Classic Computer Magazine Archive COMPUTE! ISSUE 131 / JULY 1991 / PAGE 96

What you get with the net. (computer information networks)
by Orson Scott Card

Most computer users don't have modems. Why? Probably because most people haven't had a good reason to get one. Who would they send messages to? Why not just pick up the phone and call?

But all that's starting to change. More and more people are finding the "good enough" reason to buy a modem is an online service like Prodigy, CompuServe, Delphi, or GEnie. There's something exhilarating about getting on an electronic information service and finding yourself in public conversation with people whose books or columns you've read or whose views you find fascinating.

I've been been online (off and on) for years. For instance, I uploaded this column by modem and my book Ender's Game, published back in 1984, was the first novel I know of that was published electronically first (on Delphi).

The rest of my family never even tried to log on until recently. Up to now, they just looked over my shoulder as I fumbled through Delphi and CompuServe. They added comments like, "Cool, I guess," or "What in the world are you doing?" or "That is so confusing." Then they walked away.

Until Prodigy. I tried it out to take part in an electronic conference with a Illinois college class but the service was so interesting, I hung around awhile. And I like a lot of what I've seen.

The Prodigy concept is simple. Instead of using your own communications program and turning your computer into a dumb terminal with the mainframe a thousand miles away, Prodigy is loaded as a program in your computer, and most of the routine tasks are handled right there in your home. Only when you absolutely need to upload or download something from Prodigy do you access the main system. And when you do, the Prodigy program handles that automatically.

This means each person signed on to Prodigy uses only a fraction of the mainframe processing time needed to accomplish the same tasks on another online service. That lets Prodigy charge you a flat rate instead of a fee for each minute OF COLLECT time. Paying by the minute encourages you to get off as fast as you can, but a flat monthly fee encourages you to play around with the system to explore its possibilities. (There's a surcharge of 25 cents per message for every message you send above 30 in any given month.)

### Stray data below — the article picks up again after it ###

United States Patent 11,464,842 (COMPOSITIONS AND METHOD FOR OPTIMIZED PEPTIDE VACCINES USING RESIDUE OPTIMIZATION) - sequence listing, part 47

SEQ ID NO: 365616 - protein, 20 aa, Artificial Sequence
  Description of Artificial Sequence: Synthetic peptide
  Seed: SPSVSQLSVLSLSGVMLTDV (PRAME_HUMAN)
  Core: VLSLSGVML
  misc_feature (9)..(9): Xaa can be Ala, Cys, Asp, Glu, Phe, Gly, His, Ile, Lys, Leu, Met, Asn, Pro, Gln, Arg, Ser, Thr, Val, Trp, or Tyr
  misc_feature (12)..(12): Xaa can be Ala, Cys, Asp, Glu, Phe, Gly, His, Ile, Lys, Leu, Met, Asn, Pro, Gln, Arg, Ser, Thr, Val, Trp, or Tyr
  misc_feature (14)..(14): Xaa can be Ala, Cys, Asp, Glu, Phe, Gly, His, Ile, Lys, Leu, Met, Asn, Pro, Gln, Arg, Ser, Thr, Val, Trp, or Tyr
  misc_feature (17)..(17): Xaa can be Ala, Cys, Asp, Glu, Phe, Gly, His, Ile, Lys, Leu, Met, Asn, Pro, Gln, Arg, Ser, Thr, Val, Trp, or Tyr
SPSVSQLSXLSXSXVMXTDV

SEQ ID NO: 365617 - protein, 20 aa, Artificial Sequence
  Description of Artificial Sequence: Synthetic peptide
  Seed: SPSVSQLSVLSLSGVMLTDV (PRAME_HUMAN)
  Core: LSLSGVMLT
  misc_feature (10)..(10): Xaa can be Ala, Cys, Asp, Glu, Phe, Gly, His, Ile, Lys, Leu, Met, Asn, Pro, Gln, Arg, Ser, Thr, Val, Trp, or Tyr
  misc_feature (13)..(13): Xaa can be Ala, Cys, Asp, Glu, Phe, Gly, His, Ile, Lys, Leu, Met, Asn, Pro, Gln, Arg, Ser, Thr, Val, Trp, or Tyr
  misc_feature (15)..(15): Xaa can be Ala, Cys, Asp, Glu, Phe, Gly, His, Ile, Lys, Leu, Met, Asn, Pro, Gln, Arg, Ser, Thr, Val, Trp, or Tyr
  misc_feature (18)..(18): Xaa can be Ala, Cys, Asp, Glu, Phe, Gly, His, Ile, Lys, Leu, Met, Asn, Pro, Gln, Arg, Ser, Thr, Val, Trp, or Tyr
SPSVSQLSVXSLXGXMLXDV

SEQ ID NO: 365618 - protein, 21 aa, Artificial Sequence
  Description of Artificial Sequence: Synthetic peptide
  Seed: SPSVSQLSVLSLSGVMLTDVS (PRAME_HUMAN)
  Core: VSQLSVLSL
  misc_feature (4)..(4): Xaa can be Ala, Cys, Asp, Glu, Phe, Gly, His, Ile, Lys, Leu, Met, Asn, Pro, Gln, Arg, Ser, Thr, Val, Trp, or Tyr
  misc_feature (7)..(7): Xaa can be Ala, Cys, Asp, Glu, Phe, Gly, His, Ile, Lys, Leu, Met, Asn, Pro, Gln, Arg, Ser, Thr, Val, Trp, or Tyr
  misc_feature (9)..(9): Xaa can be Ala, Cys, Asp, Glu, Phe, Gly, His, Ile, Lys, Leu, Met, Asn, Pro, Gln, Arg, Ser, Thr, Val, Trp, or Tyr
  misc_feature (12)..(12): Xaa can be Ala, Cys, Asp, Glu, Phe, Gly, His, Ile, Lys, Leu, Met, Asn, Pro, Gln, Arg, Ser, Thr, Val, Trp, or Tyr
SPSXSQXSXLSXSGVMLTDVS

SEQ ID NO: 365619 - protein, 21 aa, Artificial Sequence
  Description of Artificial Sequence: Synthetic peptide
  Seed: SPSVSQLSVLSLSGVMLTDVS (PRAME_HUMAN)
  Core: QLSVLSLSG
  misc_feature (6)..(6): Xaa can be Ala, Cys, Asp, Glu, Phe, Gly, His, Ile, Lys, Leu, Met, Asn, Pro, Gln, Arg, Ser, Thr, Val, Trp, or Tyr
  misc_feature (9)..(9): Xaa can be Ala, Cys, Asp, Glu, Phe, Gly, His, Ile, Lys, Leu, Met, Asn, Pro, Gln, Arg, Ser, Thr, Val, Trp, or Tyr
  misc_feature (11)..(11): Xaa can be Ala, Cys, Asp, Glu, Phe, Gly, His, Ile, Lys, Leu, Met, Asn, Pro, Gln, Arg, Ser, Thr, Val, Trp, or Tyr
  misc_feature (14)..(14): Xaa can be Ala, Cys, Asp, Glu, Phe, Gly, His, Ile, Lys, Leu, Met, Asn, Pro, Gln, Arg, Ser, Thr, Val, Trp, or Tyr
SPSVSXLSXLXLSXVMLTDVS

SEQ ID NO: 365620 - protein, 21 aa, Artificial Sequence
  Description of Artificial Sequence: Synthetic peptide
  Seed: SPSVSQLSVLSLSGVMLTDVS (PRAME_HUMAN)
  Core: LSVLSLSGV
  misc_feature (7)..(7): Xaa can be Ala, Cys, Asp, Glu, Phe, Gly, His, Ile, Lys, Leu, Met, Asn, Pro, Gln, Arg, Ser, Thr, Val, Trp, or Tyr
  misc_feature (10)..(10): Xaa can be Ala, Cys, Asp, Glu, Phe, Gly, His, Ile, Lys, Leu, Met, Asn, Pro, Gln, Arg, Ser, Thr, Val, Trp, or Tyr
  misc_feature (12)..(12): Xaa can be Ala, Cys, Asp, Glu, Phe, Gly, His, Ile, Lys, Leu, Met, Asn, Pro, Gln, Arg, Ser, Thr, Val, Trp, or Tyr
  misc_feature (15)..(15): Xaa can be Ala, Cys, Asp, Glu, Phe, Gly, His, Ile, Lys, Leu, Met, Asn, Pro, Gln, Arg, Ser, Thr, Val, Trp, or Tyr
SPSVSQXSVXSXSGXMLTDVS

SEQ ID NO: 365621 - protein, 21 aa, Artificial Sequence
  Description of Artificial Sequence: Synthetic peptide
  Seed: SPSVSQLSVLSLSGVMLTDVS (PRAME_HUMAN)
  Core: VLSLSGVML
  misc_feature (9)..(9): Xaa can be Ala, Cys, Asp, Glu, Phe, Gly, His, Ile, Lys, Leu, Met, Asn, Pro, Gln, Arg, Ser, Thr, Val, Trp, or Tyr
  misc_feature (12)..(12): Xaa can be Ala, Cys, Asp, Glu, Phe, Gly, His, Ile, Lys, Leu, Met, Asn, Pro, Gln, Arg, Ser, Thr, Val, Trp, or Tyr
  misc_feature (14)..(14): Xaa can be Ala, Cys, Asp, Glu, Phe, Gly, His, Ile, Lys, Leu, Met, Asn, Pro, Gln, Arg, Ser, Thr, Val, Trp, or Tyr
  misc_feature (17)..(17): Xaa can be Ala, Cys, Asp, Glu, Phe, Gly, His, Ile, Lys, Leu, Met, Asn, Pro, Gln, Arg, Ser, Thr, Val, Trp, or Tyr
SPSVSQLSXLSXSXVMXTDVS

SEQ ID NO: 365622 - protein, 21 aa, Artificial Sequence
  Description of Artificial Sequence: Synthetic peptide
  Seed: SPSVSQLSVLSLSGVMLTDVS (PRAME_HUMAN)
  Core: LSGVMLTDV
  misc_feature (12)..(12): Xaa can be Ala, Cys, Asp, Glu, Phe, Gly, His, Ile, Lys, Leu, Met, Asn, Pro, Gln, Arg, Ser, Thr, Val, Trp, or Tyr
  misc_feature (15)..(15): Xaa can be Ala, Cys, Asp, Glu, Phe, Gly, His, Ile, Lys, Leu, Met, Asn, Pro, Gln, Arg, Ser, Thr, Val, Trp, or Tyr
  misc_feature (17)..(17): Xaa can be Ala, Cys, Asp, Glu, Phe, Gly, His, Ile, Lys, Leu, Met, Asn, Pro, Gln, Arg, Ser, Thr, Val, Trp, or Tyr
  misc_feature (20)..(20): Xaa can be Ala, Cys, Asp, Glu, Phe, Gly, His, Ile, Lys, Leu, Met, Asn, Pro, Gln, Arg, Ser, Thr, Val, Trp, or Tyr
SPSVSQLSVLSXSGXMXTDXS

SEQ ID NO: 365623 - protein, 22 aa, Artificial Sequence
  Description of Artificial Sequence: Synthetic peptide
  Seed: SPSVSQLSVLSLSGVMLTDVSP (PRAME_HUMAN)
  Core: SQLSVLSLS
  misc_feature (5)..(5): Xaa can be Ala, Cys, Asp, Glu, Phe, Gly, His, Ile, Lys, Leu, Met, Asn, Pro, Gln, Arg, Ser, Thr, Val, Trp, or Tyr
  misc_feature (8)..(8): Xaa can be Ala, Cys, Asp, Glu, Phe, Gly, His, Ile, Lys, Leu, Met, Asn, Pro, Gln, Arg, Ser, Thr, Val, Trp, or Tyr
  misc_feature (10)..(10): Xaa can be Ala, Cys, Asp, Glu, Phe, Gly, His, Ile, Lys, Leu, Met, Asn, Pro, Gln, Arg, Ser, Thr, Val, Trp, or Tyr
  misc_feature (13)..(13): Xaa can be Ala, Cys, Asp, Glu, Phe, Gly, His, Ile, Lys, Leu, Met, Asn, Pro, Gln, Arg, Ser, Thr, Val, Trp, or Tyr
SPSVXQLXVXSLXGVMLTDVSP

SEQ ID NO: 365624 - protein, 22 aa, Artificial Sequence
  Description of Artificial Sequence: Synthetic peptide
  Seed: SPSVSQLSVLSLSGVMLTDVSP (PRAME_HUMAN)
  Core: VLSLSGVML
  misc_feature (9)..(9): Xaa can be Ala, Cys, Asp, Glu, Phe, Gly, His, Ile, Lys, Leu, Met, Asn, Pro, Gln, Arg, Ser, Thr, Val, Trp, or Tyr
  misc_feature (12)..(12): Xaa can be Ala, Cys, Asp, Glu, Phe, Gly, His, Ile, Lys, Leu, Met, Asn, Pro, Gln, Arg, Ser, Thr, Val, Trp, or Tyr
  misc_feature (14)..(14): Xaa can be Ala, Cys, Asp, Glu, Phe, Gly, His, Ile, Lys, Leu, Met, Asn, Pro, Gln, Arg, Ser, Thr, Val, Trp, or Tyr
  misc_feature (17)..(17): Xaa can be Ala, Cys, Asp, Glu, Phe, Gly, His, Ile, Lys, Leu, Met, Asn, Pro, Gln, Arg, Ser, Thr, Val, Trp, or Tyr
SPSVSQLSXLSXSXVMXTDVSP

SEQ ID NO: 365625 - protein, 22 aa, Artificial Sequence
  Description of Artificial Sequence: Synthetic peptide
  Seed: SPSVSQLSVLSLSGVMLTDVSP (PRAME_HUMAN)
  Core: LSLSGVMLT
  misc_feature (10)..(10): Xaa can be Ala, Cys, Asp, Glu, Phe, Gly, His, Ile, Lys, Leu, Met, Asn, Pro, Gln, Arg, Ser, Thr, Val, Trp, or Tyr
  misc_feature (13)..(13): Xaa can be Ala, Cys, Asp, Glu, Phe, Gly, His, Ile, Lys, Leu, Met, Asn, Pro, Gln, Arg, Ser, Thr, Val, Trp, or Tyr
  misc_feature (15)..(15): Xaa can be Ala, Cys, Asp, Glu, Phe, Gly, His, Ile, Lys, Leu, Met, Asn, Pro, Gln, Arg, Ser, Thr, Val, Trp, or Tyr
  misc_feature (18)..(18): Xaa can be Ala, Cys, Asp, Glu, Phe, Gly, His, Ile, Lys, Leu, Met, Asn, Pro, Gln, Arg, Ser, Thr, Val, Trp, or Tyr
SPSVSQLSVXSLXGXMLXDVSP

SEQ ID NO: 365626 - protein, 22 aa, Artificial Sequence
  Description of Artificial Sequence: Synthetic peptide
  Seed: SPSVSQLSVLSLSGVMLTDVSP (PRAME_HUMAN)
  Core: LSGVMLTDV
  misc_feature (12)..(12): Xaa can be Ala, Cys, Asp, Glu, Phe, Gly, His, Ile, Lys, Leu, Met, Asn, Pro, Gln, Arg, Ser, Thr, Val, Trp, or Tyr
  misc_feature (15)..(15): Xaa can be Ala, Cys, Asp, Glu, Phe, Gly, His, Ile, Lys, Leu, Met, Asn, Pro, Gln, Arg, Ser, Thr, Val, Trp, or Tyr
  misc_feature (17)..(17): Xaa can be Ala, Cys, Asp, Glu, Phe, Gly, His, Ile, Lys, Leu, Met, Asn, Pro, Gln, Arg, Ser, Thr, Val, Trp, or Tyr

Another Prodigy innovation is its humane interface, which is far less intimidating than the mostly blank screen you get from Delphi and CompuServe. To their credit, some of the other services have been making progress. CompuServe Information Manager (CIM) and GEnie's Aladdin automate many online task. CIM even has mouse support and pulldown menus for the IBM version. Aladdin is a keyboard-driven program, but it makes managing GEnie RoundTables and software libraries a breeze. Just set up your Aladdin program with the areas you visit most, and move to your favorite places with the touch of a finger.

But when my 12-year-old saw me dinking around with Prodigy, he didn't just walk away. He sat down, and in a few minutes, I had him signed on with his own membership (each household gets six memberships for the same fee). He was off and running.

Prodigy offers games online, but they're simpleminded--nothing to write home about. You can shop and browse through online catalogs, although my orders arrive much faster through telephone shopping than by means of Prodigy. On the other hand, I don't have to spend an hour on hold, and most companies are a pleasure to deal with.

But Prodigy's main attraction--and the best entertainment--comes from other users. The conversations and messages on the club bulletin boards are a great way to strike up some friendships. Best of all, from my point of view, there are lots and lots of kids online.

So not only did my computer-Literate son, Geoffrey, take to Prodigy at once; so did my ten-year-old daughter, Emily. She cheerfully hooks up and carries on her own conversations with long-distance friends.

But there are drawbacks. You can't upload or download long files, and the message-length limitation, though lately improved, is still-pretty severe. I've found, though, that the forced brevity of the messages helps me. On Prodigy it takes only a couple of minutes to read and answer letters from my fiction readers--so I actually complete my online correspondence. That doesn't happen very often with the U.S. Mail!

Of course, you can do all this--and a lot more--with GEnie, CompuServe, Delphi, or America Online. But can you do it as easily as you can on Prodigy? And will your less-than-expert family members feel as comfortable exploring these other services on their own? Not a chance!

Is Prodigy worth buying the modem for? You'll have to answer that yourself. But when I see my kids typing away, corresponding with people all around the country on an incredibly wide range of subjects, I can tell you my answer. Prodigy has made my kids use the computer for something besides homework and games, and it's made their world a little larger, too. Prodigy claims that 700,000 households are signed on to its system. I'm glad mine is one of them!